OK guys, it’s time to be honest. I am in love with Harry Styles. There, I said it. It’s true, it is very true. He sings like an angel, he has the sweetest personality, and he’s dangggggg attractive. That’s why I almost died when my friend Sydney asked me if I wanted to go with her to see him live in concert!
I love concerts. Before my accident I would crowd surf and attempt to jump in mosh pits. There was no need from me to even like the band, it was fun to do it. Don’t ask me why, I guess I always appreciated a little bit of excitement. Since then I’ve matured and my crowd surfing is limited but I still enjoy the art of being entertained through music. There are perks to the handicap seat at concerts but you never know how good it is until you’re in the venue. With my experience of attending about 5 concerts since my injury, I want to show you what to expect when you attend a concert in handicap seats.
Getting the tickets
I found it easiest to call the box office of the venue when ordering your tickets rather than online. Make sure they know you are in a chair and need to purchase handicap seating. Don’t let them assume.
If you do not have handicap seating and need to switch your tickets, call the venue. For the Harry Styles concert, we needed to do this and the Bankers Life Fieldhouse venue in Indianapolis said to arrive early and switch the tickets to handicap seating the day of the concert at the box office. As you can imagine, this was a little stressful doing it the day of but thankfully we had zero problems and the seats we got were pretty good. 🙂
Get there early
No matter what, get there early.
Part of getting there early will also help with parking. Handicap parking goes FAST and unfortunately, people will use the handicap placard illegally (one of the MOST frustrating aspects of handicap parking. I’ll save that rant for another day). So be ready. Usually police officers will be directing traffic and you can ask them where the best parking is.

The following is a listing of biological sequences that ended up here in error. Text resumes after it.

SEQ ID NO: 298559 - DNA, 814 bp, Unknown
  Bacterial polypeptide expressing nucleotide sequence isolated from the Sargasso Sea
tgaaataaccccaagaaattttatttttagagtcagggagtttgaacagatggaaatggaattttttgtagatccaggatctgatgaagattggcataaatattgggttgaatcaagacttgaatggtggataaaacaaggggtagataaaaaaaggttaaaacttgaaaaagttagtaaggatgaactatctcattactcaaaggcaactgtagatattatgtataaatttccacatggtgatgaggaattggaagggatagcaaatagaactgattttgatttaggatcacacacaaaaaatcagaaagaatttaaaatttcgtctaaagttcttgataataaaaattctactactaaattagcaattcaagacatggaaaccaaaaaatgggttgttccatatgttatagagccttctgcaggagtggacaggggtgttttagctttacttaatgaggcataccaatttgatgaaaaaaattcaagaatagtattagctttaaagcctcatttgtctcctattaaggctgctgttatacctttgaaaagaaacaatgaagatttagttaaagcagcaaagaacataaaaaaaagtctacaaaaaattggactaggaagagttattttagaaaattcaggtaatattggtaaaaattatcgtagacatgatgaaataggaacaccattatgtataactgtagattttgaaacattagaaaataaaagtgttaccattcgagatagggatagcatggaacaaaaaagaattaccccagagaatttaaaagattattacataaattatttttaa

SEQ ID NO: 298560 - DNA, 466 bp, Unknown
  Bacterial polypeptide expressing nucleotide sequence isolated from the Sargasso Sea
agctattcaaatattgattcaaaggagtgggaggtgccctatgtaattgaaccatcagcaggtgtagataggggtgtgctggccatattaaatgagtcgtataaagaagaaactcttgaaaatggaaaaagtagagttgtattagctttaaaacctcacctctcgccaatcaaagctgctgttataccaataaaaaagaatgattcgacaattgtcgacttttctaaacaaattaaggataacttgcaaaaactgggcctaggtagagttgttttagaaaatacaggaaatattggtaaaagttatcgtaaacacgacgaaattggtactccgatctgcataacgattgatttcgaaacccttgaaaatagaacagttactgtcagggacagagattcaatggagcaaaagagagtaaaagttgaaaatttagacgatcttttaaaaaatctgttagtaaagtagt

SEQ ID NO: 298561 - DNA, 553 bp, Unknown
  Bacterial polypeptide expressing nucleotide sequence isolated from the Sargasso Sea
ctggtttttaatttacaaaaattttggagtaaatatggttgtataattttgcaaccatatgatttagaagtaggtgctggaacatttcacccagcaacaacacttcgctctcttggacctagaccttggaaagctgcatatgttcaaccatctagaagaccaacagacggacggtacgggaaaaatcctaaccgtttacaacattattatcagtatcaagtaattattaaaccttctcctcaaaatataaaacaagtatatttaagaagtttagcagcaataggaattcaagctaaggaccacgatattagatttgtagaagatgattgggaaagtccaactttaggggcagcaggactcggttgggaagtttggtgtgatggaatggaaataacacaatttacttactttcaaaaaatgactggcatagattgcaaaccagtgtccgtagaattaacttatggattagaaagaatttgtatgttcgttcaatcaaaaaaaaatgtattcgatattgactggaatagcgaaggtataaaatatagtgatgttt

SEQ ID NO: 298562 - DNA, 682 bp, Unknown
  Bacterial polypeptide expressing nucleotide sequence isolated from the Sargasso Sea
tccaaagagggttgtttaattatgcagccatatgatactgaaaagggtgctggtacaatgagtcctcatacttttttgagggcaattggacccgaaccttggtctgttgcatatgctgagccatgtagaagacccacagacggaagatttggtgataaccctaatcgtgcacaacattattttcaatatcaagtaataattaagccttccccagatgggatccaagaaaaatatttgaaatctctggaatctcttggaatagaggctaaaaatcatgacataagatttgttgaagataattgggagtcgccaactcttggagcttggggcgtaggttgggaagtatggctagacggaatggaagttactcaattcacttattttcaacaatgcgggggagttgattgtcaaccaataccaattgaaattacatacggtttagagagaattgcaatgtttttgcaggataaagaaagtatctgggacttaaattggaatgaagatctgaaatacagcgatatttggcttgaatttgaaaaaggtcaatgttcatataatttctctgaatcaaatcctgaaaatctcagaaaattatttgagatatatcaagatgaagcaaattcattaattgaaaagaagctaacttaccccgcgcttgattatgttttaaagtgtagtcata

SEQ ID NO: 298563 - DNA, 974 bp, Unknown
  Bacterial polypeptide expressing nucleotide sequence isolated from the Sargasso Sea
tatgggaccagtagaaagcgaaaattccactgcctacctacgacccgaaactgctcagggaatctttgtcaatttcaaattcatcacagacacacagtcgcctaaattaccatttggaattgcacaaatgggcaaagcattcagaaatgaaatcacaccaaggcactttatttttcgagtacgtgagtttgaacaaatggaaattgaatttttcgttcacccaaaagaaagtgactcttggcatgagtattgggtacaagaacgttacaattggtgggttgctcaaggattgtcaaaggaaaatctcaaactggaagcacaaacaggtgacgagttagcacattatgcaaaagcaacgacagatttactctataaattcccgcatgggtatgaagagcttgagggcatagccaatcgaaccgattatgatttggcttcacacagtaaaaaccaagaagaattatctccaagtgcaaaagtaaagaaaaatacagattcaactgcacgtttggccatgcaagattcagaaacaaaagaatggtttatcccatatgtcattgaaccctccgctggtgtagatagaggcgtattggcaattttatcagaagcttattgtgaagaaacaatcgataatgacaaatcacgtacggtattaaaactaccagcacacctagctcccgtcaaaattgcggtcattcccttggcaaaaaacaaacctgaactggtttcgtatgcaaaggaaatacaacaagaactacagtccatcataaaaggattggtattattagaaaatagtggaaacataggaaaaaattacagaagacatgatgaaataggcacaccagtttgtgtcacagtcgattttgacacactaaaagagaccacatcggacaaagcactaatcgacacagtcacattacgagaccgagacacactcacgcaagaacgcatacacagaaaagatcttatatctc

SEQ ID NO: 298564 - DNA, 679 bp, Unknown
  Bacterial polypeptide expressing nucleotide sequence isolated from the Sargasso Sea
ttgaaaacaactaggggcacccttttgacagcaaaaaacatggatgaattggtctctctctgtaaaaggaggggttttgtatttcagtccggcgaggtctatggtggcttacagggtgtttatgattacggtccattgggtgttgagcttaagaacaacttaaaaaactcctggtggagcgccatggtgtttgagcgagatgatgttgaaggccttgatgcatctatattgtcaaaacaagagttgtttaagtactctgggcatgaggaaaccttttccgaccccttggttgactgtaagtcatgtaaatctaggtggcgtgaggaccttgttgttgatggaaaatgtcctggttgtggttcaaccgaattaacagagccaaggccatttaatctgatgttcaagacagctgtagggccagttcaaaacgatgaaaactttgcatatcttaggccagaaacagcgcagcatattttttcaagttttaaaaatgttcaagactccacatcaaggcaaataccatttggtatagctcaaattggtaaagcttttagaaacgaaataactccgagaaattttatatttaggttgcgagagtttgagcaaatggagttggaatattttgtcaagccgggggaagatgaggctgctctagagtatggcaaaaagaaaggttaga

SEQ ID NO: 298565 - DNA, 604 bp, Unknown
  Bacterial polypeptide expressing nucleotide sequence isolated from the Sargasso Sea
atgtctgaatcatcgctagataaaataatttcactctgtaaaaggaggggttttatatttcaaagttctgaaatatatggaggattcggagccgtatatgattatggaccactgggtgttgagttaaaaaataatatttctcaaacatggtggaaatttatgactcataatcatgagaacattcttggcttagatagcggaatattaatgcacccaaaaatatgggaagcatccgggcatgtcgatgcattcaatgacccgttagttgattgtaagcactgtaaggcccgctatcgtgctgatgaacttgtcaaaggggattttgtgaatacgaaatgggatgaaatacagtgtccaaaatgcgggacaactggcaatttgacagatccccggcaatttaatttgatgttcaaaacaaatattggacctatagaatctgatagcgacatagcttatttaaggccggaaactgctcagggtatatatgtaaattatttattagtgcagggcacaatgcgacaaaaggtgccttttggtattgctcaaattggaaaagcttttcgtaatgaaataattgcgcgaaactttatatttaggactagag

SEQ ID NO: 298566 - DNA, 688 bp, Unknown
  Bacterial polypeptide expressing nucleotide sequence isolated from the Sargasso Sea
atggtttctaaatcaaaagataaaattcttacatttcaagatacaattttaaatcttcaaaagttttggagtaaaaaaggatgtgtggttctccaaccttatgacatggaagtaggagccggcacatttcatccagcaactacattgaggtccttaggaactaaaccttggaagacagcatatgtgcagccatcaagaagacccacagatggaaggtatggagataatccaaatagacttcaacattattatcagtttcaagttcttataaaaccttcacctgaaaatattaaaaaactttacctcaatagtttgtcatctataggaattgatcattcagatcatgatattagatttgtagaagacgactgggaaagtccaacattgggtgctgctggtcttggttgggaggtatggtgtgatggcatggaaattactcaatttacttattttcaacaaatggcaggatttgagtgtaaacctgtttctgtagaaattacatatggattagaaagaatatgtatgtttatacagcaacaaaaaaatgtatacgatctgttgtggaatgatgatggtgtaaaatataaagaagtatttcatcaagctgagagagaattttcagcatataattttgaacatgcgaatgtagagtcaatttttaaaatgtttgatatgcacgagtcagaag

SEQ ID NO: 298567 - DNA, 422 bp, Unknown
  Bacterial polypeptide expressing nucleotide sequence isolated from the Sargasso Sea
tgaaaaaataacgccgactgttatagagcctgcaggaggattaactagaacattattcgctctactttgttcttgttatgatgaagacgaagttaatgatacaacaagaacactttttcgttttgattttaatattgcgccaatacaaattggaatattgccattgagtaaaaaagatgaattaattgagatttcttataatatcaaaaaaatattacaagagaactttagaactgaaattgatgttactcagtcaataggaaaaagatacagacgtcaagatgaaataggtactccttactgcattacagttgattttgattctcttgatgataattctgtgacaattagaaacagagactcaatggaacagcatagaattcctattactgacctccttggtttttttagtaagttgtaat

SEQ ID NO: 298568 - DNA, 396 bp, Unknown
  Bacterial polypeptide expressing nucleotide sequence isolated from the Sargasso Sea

For Harry, the traffic and parking was pretty crazy but we managed to find a parking garage a block and a half away.
The entrance and box office
At the Bankers Life Fieldhouse venue, I had my first experience of a separate wheelchair entry at a venue (picture below). An employee saw me coming towards the entrance and directed me to the right one. That was nice, I like to know where I am suppose to go without walking circles haha. Or should I say rolling circles??? Oh geez, that sounded like a lame joke. Anyways….
Handicap seating- wheelchair perks
The seating usually has the same set up at every venue. The seats are typically the middle level, not too far but pretty close. You are in the first row so you have absolutely zero hands or posters blocking your view!!!!! Also, you’re not squished up next to stinky people! To find the seats, I always ask an employee where to go so I am not wondering around.
If the act has a stage B, you will be close enough to see their dimples:):). *cue Abby melting into a puddle*
The picture below has stage B circled!
For Harry, our section was really close to the entrance and the restrooms. In the picture below is where our section was. It was blocked off so random concert attendees wouldn’t walk in and out.
Concerts are fun and still enjoyable in a wheelchair. All you need to bring is the right person! There are pretty good perks to the handicap seating so enjoy it. You deserve it because living in a wheelchair is not easy!
I really enjoyed the set up at the Bankers Life Fieldhouse venue in Indianapolis. It was a smaller arena so you were closer to the stage and it wasn’t hard to find our seats. The employees were very helpful and we never got lost.
I hope this encourages you to experience a concert live! Don’t let anything stop you! 🙂